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        …transforming your goals into legendary results.




Dave Draper and Bill Pearl talk shop to all of us that valiantly battle through the aging process, providing training and nutrition tips in their new Seminar DVD.  For all you baby boomers who are beginning to feel the aches and pains that accompany the mature years, you will be relieved to know that you are not alone. These men will inspire you to just keep on staying fit and working around those inconveniences. Both men addressed aching joints and working around injuries, but I especially liked Bill Pearl's honest comment: "I think injuries come with age." 


To read Richard’s entire review of the Seminar DVD and view some incredible photos of our bodybuilding heroes, check out our latest article in our Bodybuilding for Baby Boomers section of Bodybuilding.com. 





Baby Boomer Quick Tips and Facts


Consumers ignore supplement studies conducted by the National Institute of Health, spending more than $20 billion per year on alternative remedies.  As boomers remain active while entering their 60s, scientific research is ignored by those that perceive benefits from the supplements.  “Even the researchers themselves, funded by the National Institutes of Health, say their results don’t necessarily mean consumers are pouring their money down the drain.  If someone tells me this is working for them, I’m not going to tell them not to take it.”  Scientists noted the importance of the placebo effect, evidenced with imagining tests that show changes in the brains of placebo users.

MSNBC, 2006. www.msnbc.msn.com/id/11588366/



Tension headaches do not begin in the brain, but rather result from tightness in the muscles of the scalp and the back of the neck, with emotional and physical factors as the trigger.  Researchers at Harvard Medical School suggest talking to your physician about medications other than painkillers such as antidepressants and muscle relaxants.  Also, identify and treat pressure points and try nondrug/alternative therapies such as heating pads, relaxation techniques and certain exercises.

Harvard Health Publications.  May 2006.  www.health.harvard.edu 


Harvard Health Publications suggests 9 ways to control stress.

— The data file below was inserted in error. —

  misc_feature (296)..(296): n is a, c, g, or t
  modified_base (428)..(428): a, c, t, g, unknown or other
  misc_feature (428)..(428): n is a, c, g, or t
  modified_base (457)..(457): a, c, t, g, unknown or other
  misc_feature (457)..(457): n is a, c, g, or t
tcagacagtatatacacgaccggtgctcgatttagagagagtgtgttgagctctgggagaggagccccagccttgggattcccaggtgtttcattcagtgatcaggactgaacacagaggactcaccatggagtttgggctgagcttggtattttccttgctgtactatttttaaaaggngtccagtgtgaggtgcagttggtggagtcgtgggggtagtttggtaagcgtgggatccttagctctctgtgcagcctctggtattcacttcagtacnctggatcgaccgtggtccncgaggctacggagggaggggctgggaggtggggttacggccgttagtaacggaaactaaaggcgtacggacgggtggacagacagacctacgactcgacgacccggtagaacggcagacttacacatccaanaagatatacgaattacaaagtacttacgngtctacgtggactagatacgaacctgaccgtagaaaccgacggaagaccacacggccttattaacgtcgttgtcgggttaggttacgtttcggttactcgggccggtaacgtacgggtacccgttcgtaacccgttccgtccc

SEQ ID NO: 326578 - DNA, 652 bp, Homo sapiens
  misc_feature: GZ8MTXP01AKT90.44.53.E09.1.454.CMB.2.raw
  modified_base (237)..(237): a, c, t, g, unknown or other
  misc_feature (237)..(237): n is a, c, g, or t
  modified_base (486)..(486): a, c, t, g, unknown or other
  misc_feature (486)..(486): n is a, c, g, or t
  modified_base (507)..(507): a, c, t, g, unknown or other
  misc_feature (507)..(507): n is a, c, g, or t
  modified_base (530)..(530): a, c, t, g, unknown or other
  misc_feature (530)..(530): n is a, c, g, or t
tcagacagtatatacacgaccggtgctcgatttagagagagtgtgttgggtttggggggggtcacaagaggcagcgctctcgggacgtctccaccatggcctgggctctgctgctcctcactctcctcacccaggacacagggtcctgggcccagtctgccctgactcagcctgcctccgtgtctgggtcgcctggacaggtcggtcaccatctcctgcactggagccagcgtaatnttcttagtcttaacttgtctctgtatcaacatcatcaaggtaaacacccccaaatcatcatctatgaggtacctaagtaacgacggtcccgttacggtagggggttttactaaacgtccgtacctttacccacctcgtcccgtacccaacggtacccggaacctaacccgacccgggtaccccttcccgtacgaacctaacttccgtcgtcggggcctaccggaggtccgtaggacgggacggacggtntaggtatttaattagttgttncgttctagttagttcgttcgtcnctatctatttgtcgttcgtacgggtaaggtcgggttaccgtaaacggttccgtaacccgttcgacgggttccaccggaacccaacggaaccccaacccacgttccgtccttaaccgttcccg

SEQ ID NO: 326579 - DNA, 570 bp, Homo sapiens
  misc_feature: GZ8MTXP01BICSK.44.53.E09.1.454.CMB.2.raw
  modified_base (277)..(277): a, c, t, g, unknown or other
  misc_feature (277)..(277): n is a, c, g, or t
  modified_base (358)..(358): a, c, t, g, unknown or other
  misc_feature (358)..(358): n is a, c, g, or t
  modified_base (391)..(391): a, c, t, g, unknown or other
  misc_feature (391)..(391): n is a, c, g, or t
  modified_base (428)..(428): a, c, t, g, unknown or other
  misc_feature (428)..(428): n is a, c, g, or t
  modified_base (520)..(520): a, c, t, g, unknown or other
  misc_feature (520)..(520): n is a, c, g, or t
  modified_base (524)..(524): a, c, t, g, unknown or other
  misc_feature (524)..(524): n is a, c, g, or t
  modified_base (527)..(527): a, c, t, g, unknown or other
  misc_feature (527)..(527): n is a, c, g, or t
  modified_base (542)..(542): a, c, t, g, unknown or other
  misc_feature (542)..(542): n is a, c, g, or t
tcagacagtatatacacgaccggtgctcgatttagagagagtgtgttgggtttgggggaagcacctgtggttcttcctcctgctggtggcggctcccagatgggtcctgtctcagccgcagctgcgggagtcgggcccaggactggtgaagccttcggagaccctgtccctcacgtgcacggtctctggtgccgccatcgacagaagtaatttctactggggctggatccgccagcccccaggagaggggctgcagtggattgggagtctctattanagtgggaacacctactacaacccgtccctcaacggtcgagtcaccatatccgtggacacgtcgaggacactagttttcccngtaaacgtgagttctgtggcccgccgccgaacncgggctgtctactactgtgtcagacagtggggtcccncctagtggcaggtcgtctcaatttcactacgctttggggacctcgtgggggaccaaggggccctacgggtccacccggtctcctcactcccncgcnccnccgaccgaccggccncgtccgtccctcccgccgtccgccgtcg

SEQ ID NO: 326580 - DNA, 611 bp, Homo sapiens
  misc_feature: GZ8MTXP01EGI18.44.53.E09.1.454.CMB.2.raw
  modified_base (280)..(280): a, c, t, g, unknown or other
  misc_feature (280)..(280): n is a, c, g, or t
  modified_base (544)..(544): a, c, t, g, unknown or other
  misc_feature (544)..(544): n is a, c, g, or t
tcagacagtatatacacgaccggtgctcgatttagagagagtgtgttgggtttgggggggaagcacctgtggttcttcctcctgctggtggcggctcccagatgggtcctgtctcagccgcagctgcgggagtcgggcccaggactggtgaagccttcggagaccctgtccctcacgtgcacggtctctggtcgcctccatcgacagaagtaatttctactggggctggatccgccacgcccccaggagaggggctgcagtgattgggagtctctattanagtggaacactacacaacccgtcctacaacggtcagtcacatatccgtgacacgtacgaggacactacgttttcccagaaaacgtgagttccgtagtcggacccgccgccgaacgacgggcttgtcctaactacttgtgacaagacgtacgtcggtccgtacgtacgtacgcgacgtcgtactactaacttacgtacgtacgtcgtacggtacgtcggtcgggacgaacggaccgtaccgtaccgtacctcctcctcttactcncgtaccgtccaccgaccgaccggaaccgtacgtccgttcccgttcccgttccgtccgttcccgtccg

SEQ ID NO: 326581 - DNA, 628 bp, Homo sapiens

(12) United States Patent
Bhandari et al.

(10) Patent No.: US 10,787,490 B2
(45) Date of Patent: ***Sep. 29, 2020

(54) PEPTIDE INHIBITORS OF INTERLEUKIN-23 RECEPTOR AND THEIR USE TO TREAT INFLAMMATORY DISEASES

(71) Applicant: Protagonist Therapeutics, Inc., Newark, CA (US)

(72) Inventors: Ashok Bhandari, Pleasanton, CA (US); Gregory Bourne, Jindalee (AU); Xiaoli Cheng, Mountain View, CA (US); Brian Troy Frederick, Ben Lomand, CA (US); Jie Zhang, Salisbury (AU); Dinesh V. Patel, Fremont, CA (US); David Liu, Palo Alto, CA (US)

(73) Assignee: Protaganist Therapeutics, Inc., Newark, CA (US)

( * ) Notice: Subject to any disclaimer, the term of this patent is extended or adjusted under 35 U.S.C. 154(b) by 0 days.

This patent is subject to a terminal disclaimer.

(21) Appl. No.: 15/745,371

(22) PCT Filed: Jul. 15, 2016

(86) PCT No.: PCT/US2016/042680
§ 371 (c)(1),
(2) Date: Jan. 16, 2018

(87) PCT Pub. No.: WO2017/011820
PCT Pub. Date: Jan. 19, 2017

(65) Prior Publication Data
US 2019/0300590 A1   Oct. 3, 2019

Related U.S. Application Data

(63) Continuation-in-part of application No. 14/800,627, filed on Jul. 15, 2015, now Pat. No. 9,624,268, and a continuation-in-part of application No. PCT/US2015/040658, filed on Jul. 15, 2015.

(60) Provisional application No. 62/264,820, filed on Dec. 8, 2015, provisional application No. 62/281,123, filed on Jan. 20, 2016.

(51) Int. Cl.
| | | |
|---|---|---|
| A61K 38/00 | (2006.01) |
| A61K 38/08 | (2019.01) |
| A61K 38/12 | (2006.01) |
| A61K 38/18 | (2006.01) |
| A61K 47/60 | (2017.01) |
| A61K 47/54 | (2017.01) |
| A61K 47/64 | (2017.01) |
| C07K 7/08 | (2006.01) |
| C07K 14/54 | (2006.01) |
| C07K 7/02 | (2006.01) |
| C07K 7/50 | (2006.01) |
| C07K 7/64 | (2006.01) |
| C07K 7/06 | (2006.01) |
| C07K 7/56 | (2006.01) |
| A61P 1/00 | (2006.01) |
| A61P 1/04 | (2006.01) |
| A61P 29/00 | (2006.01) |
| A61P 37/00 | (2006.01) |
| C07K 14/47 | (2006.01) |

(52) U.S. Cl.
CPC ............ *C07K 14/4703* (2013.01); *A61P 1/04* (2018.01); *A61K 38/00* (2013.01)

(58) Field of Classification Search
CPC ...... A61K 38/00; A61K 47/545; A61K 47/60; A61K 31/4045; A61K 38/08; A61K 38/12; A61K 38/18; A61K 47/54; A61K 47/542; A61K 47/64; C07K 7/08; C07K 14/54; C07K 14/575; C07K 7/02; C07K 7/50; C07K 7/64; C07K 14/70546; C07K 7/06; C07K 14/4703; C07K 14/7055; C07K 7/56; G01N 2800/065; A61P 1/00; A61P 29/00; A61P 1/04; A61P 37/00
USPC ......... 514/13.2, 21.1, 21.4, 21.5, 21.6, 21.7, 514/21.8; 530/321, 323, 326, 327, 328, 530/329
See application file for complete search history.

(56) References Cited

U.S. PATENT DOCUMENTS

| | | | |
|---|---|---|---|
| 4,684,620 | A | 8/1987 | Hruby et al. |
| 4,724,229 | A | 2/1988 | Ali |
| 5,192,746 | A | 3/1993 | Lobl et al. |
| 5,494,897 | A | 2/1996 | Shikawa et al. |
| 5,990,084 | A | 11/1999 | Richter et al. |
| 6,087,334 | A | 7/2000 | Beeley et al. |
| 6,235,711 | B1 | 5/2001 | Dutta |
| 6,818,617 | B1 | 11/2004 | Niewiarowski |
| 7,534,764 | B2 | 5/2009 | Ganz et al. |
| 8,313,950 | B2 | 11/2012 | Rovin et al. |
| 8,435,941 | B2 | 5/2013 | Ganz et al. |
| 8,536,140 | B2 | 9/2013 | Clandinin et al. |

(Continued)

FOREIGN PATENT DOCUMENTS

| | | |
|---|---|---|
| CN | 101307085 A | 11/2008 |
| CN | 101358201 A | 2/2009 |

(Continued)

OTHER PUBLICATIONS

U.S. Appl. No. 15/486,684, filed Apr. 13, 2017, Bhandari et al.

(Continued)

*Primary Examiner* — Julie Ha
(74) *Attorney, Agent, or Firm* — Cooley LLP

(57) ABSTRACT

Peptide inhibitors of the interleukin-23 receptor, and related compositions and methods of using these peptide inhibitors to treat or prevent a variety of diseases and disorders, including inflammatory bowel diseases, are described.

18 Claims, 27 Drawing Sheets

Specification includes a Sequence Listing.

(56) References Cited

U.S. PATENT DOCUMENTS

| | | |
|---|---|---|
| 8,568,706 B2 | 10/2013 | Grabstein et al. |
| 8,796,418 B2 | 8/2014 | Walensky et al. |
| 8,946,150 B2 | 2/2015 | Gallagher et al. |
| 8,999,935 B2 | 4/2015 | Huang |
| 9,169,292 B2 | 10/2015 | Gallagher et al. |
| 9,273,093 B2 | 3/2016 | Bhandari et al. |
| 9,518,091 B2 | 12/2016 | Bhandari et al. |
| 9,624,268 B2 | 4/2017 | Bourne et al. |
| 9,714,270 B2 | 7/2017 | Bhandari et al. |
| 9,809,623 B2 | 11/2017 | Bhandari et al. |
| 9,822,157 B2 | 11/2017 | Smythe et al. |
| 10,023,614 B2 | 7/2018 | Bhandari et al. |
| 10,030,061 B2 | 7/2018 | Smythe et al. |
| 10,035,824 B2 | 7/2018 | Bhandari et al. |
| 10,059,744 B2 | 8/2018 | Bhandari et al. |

1. Control stress
  2. Lighten your load
  3. Exercise
  4. Avoid smoking
  5. Restrict your sleep
  6. Eat for energy
  7. Use caffeine to your advantage
  8. Limit alcohol
  9. Drink water


For details regarding these methods for controlling stress, check out their website, www.health.harvard.edu

Harvard Health Publications.  June 2006.


Weight gain increases the lifetime risk of all types of breast cancer.  Research conducted by the American Cancer Society involving 44,000 women found that women risk factors doubled for women that gained 20 to 60 pounds, and tripled for women gaining more than 60 pounds when compared to women that gained less than 20 pounds in adulthood.  “These data further illustrate the relationship between adult weight gain and breast cancer, and the importance of maintaining a healthy body weight throughout adulthood.”

May 2006.  www.MSNBC.com


Moderate exercise provides big gains with no pain!  According to Dr Harvey Simon, author of The No Sweat Exercise Plan and Associate Professor of Medicine at Harvard Medical School, exercise such as walking a 17 minute mile increases life expectancy by 3.7 years when compared to sedentary individuals.  Also, walking 8.6 miles per week at just 40-55% of max capacity can increase VO2 max.

Medscape, March 2006.  www.medscape.com/viewarticle/524377






Train hard, train smart and make it a legendary week!

Richard and Diane








2006©LegendaryFitness, LLC

Diane Fields, Member.  Legendary Fitness, LLC

Richard Baldwin, Member.  Legendary Physique, LLC